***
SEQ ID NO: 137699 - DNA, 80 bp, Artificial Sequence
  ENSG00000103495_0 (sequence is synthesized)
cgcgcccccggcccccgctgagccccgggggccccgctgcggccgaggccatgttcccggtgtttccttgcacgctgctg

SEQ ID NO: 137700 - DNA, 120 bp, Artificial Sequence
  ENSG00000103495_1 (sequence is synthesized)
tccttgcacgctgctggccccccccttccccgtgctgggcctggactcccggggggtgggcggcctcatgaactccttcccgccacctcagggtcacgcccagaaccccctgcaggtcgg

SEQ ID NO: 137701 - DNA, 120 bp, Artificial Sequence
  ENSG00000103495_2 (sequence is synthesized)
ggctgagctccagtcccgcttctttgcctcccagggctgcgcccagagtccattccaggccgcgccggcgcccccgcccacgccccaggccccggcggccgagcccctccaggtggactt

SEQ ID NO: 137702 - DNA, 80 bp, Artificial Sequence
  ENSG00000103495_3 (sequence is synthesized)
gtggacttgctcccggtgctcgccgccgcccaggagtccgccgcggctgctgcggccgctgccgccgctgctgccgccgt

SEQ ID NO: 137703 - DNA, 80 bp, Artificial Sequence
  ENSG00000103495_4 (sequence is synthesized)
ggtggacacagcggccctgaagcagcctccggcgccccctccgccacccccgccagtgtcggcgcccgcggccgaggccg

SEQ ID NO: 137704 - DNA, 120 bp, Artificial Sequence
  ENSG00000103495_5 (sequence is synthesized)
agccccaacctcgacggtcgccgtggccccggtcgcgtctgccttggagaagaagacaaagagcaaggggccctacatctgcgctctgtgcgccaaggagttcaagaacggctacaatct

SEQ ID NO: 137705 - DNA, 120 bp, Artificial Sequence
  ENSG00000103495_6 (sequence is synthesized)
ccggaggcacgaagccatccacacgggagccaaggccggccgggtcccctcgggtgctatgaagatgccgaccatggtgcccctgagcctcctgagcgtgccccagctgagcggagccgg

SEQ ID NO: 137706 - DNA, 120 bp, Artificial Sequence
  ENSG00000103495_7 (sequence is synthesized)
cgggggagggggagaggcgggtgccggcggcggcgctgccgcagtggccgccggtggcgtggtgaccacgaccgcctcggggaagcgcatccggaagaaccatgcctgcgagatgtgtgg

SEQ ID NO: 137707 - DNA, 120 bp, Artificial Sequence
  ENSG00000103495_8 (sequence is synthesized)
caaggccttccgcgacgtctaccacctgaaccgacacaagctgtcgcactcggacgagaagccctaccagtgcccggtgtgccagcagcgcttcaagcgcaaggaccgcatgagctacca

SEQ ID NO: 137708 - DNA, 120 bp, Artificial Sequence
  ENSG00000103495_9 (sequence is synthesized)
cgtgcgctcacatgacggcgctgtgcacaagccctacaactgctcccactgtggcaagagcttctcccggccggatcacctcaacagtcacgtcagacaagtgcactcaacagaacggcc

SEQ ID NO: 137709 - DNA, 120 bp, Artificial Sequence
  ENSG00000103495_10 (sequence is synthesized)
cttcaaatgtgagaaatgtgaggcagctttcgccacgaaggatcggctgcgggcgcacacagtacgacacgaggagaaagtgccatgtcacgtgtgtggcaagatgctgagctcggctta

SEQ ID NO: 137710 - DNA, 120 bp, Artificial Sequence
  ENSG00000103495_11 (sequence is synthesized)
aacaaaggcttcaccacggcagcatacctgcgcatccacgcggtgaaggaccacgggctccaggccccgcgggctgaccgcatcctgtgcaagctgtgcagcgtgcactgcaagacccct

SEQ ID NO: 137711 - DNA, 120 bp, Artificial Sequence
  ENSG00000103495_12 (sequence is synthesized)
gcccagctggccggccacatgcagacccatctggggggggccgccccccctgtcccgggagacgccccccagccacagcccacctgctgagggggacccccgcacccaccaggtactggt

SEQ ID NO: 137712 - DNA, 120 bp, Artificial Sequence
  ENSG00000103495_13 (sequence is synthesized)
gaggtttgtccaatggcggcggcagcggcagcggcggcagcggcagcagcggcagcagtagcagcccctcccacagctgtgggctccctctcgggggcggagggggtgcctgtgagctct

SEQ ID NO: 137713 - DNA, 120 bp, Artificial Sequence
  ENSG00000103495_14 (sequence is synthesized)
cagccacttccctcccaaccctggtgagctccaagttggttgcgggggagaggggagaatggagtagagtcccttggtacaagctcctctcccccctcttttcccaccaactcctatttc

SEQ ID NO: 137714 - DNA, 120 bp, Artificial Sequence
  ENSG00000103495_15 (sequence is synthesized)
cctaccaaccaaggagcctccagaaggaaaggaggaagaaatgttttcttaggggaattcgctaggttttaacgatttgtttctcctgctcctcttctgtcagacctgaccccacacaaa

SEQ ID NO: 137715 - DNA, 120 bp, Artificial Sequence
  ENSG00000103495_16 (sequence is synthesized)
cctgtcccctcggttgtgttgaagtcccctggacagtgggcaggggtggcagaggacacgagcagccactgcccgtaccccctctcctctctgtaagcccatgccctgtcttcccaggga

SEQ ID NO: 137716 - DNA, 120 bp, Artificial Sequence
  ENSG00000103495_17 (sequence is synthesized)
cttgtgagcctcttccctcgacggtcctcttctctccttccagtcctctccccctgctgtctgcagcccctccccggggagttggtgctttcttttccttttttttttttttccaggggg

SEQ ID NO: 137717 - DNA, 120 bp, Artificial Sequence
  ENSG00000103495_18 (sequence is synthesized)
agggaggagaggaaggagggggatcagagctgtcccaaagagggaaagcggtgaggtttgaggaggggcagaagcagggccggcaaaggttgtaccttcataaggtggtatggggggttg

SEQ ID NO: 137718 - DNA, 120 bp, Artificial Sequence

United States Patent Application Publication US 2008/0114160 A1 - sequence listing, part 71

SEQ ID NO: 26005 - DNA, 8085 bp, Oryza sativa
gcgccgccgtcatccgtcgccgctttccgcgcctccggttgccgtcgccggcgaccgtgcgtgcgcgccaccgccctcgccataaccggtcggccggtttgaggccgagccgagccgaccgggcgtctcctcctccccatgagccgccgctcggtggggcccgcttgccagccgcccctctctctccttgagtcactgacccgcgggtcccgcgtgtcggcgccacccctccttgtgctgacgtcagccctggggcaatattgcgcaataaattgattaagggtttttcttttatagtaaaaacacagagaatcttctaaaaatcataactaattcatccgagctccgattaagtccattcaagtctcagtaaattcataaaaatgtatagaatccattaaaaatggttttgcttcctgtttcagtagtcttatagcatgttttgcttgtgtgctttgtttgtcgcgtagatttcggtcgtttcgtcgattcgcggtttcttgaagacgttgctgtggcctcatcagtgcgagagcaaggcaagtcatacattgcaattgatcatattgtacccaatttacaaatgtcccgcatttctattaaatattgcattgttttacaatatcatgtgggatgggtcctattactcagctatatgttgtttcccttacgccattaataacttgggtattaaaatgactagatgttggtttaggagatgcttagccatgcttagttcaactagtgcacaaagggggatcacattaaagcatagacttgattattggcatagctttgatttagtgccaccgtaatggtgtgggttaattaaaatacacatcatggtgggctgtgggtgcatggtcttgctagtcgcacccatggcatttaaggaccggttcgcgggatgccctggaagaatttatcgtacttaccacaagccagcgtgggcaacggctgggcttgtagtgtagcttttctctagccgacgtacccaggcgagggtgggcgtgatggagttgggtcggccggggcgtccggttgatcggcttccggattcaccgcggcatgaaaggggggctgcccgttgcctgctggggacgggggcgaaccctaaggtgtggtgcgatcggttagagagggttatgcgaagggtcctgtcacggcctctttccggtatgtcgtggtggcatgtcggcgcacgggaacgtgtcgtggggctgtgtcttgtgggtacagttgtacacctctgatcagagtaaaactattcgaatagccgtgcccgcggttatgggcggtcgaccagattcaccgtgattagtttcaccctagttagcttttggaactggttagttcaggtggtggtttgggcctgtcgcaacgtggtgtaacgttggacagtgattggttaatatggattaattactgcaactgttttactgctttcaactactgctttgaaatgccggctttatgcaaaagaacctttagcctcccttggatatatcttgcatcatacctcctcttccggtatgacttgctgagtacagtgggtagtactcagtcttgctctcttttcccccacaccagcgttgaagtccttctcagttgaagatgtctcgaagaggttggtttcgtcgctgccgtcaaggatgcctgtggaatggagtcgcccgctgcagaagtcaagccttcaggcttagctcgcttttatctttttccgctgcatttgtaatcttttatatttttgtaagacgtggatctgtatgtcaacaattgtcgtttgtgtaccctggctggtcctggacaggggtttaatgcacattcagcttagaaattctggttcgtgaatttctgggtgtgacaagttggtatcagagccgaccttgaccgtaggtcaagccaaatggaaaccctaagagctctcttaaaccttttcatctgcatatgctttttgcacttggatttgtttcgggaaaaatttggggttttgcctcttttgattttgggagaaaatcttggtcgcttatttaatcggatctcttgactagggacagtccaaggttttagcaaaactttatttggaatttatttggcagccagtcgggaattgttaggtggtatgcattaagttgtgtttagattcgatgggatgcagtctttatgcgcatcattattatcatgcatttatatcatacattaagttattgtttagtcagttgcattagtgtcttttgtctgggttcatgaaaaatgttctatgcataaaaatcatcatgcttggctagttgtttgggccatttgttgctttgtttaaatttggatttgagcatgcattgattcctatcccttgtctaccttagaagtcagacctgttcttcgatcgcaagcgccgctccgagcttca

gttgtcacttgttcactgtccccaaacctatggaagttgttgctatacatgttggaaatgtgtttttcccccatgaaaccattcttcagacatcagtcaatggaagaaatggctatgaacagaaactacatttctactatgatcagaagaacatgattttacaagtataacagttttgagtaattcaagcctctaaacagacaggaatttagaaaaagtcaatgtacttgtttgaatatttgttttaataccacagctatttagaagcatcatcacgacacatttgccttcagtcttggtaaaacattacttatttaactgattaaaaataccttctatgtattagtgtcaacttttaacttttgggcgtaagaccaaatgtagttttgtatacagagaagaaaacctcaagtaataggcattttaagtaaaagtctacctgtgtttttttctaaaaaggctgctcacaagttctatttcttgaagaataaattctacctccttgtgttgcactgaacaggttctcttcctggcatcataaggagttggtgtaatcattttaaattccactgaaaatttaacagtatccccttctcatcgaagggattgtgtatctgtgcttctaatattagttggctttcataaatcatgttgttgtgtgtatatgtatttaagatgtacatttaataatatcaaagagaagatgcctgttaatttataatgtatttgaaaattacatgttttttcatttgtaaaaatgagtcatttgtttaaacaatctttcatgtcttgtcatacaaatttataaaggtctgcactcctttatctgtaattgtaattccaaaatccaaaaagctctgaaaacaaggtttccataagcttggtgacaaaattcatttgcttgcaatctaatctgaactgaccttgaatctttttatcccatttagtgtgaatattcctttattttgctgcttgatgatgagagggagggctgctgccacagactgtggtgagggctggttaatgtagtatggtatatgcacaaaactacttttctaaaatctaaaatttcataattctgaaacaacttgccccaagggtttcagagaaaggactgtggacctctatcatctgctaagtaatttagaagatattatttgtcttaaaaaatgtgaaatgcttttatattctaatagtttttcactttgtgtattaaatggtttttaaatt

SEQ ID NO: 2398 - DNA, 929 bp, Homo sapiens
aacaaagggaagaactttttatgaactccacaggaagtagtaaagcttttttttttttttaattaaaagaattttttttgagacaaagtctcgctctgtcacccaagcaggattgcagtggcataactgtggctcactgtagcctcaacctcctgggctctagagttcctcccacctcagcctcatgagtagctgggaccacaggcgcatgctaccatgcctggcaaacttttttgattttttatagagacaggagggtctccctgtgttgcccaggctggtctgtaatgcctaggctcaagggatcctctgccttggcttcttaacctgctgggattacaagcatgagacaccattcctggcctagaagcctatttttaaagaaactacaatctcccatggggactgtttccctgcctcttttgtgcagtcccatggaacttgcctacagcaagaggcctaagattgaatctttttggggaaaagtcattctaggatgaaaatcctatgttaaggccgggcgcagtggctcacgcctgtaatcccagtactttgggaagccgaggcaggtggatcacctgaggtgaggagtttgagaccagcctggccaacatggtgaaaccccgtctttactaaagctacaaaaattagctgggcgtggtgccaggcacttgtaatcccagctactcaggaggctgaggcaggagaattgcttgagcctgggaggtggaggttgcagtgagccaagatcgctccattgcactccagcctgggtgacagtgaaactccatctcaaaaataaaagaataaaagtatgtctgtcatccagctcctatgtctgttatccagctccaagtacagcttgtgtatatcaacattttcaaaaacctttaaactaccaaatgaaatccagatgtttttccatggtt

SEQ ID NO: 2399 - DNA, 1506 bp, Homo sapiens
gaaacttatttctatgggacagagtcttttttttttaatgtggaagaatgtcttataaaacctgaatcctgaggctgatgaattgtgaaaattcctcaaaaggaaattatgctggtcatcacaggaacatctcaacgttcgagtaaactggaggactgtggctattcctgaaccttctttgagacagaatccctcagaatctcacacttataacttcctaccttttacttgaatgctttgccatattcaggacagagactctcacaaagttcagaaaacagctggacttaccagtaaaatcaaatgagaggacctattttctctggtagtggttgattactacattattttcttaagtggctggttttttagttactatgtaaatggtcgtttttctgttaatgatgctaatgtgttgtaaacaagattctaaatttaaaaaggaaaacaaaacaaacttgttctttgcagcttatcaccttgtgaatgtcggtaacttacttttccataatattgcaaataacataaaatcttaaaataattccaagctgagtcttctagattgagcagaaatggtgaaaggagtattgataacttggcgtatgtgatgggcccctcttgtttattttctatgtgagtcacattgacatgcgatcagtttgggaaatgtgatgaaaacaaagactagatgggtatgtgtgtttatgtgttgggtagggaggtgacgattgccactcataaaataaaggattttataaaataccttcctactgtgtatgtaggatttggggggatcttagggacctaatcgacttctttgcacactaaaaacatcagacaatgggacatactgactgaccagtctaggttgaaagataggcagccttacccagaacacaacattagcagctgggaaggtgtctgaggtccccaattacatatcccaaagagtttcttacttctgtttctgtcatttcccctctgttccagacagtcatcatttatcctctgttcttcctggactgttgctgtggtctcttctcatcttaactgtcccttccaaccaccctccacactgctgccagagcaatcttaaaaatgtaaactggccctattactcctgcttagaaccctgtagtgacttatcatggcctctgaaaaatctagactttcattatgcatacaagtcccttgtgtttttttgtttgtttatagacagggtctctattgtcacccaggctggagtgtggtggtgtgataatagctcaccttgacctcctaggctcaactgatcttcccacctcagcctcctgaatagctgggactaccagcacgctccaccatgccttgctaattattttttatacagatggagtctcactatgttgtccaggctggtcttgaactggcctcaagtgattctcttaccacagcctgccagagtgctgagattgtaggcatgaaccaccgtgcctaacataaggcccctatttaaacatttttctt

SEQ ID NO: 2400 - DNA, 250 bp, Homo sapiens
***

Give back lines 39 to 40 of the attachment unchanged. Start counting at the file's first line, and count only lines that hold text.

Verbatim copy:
gcccagctggccggccacatgcagacccatctggggggggccgccccccctgtcccgggagacgccccccagccacagcccacctgctgagggggacccccgcacccaccaggtactggt

SEQ ID NO: 137712 - DNA, 120 bp, Artificial Sequence